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If you follow Kite on Pinterest or Twitter you’ll notice we are all about celebrating packaging innovation from all over the world, this includes interesting new ways to protect products, new materials and beautiful packaging designs that really catch the eye. Not only that, but we love the latest innovations designers have done with the humble corrugated cardboard.
Corrugated cardboard is an important material in our business and has many advantages, it is easy to work with, can be printed on easily, provides adequate strength, can be manipulated to provide further strength and protection and is a cost effective material that many people choose to package their products in. Perhaps that is why so many designers have used it in their own work, creating amazing structures and art with the material, giving a deep 3D effect which really stands out. Corrugated cardboard designs are also leading the way for sustainable design, as it is fully recyclable and often made from already recycled board.
Take a look at our top picks of these innovative designs below, and if you’ve enjoyed reading this blog post why not follow our ‘More Than Boxes’ board on Pinterest?
On February 22nd 2011 a devastating disaster took place in New Zealand’s second most populous city, Christchurch. An earthquake hit the city, destroying buildings in the central city and eastern suburbs, in damages that were estimated at $40 billion, and killing 185 people.
Amongst the wreckage was the Christchurch Cathedral which suffered irreparable destruction. However, Japanese architect Shigeru Ban has bought a symbol of hope to this community with the ‘Cardboard Cathedral’, the world’s only cathedral made substantially of cardboard, which opened its doors to the public on 15th August this year.
The Cathedral is an impressive structure by anyone’s standards, standing at five storeys high and the main hall being able to seat 700 people. The Cathedral has been constructed using 98 60ft long cardboard tubes to form the structure, protected by a polycarbonate roof for weather resistance. Shigeru has also claimed that the building will last 50 years, and best of all paper buildings such as this are actually much more earthquake resistant than concrete ones as they absorb the energy and offer more strength under tension.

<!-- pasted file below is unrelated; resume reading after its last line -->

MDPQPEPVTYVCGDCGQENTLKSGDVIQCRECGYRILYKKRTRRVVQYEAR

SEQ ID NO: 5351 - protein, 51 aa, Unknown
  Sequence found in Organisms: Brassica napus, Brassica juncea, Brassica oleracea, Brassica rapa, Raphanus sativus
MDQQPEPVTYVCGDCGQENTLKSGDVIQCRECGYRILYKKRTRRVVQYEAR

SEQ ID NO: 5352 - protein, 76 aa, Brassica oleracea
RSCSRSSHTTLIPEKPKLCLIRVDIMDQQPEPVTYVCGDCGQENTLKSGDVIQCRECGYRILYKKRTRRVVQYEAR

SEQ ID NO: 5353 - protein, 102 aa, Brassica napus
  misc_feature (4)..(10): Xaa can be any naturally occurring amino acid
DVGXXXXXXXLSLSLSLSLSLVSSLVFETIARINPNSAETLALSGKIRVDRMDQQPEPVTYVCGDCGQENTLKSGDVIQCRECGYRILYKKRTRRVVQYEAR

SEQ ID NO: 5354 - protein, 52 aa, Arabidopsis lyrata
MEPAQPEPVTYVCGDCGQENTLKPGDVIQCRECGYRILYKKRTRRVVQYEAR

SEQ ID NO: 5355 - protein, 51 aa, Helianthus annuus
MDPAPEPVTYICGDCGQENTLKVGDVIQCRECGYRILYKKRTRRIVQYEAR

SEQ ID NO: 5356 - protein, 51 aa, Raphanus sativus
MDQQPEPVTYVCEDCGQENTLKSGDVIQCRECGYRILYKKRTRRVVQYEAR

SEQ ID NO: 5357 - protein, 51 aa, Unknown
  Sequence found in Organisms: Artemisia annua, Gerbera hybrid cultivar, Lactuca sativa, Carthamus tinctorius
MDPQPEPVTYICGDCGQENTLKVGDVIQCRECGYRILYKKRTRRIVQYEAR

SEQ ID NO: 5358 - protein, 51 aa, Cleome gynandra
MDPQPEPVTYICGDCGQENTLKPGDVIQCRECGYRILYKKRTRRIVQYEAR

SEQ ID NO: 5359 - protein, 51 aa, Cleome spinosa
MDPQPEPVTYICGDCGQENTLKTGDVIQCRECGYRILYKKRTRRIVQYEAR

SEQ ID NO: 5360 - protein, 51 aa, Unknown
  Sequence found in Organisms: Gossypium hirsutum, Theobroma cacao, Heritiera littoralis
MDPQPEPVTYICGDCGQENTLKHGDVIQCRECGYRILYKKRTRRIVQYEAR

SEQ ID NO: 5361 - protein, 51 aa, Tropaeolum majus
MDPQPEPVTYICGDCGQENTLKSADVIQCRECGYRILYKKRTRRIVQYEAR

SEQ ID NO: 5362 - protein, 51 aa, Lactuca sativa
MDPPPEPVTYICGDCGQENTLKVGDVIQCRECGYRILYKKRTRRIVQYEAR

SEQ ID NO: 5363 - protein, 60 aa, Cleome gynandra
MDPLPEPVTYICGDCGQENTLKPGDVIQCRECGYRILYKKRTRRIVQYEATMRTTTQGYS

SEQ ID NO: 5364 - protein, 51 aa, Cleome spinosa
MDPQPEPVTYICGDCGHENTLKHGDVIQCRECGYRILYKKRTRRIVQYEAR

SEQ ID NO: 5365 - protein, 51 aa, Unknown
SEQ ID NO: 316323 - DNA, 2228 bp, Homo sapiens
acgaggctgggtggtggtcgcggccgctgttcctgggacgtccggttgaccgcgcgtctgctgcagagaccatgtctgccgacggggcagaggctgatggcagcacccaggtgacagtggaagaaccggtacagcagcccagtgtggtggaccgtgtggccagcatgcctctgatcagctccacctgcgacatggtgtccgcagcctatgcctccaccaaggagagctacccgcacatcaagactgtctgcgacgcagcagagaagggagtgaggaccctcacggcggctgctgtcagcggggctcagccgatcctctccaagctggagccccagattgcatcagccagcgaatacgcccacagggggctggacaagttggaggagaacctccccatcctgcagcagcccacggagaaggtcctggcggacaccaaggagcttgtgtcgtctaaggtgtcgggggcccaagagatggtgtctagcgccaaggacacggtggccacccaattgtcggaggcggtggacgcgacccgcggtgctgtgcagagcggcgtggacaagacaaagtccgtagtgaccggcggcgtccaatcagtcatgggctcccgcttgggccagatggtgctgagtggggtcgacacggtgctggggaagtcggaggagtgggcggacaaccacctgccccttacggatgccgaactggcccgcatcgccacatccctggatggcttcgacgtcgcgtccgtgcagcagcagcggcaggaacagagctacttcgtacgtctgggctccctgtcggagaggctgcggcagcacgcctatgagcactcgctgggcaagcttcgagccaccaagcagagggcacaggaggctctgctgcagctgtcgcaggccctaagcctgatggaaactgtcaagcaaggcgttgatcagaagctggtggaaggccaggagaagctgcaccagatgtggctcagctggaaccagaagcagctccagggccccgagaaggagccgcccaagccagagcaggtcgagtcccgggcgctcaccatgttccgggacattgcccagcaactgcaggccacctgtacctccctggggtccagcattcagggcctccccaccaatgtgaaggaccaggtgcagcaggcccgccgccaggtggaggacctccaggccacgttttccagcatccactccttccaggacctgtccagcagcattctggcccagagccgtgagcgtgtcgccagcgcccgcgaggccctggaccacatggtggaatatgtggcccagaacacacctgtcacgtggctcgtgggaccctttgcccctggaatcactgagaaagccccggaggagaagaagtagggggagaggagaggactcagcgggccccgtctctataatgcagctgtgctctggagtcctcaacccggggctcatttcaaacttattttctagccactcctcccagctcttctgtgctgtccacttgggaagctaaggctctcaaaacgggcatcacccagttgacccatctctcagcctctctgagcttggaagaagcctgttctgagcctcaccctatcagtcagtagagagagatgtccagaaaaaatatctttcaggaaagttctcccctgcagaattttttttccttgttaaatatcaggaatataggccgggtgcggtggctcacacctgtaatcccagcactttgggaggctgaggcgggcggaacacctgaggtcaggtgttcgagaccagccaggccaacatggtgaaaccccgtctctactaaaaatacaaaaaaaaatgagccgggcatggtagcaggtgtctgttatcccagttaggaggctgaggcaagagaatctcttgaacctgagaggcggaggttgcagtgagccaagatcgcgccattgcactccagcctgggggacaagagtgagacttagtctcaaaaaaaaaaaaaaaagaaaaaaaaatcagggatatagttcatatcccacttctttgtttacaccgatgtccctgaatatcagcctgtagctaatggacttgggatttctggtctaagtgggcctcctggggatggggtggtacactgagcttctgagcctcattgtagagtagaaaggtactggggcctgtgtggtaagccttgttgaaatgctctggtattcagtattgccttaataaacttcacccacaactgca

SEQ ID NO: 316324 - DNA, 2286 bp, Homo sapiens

We love this design, and most importantly the emotive meaning it has behind it – to create a sustainable environment in Christchurch and carry on the message of hope after such an awful event. Hopefully this will spark a new trend in paper buildings to recover our own economy, cardboard is readily available and low-cost – this design could spark something in the building industry to invest more in sustainable architecture.
One of the things that makes cardboard so strong and tear resistant is the number of layers one piece has, including and inner and out layer of paper as well as the corrugated middle which can come in a range of ‘flutes’ – that’s the wiggly bit of board sandwiched in the middle – which can give different amounts of strengths.
Giles Oldershaw is a British artist with a definitive talent for print-making and portraiture, the art of creating portraits of people using a variety of materials. Most recently he has exhibited a number of celebrity portraits, created out of cardboard, in which he tears off parts to create a shadowing effect to define a face.
Our favourite is the Marilyn Monroe picture, a true icon. The added ‘please recycle’ message is fun and quirky, very Warhol reminiscent. Oldershaw has also created Greta Garbo, Isabella Rosselini, Bette Davis and many more iconic figures in his work which he calls ‘Cardboard Relief’.
These pieces of art aren’t pretentious, and anyone can buy them from Giles’ website or even have a piece commissioned such as a family member of favourite icon. These pieces can then be enjoyed for as long as you want and then recycled – a brilliant way for everyone to enjoy art in an environmentally friendly way.
We first came across Sanserif Creatius, a Spanish design company back in March where they had launched the Bold Type Chair, made from 100% biodegradable cardboard. The structure is completely screw-free and has simply been formed using 5mm thick sheets of board stacked up. This creates an impressive effect on the chair, with the flutes and ridges visible to form a stunning pattern, which makes the letter ‘B’ it is carved in to stand out even more.
As if that wasn’t enough the Sanserif team have created several other products using the same concept including the ‘Hair Chair’ which is similar to the Bold but with a furry covering for extra comfort, the 3-in-1 ‘Prejudice’ chair which hides a cardboard footrest and table in the seat as well a separate ‘O’ Typeface footrest.
The great thing about these designs is that as well as being incredibly inventive and sustainable they also look amazing. In a modern living space these are sure to take centre stage and don’t worry about them being crushed – in a compression test the chair alone was able to withstand 2,000 lbs of pressure.
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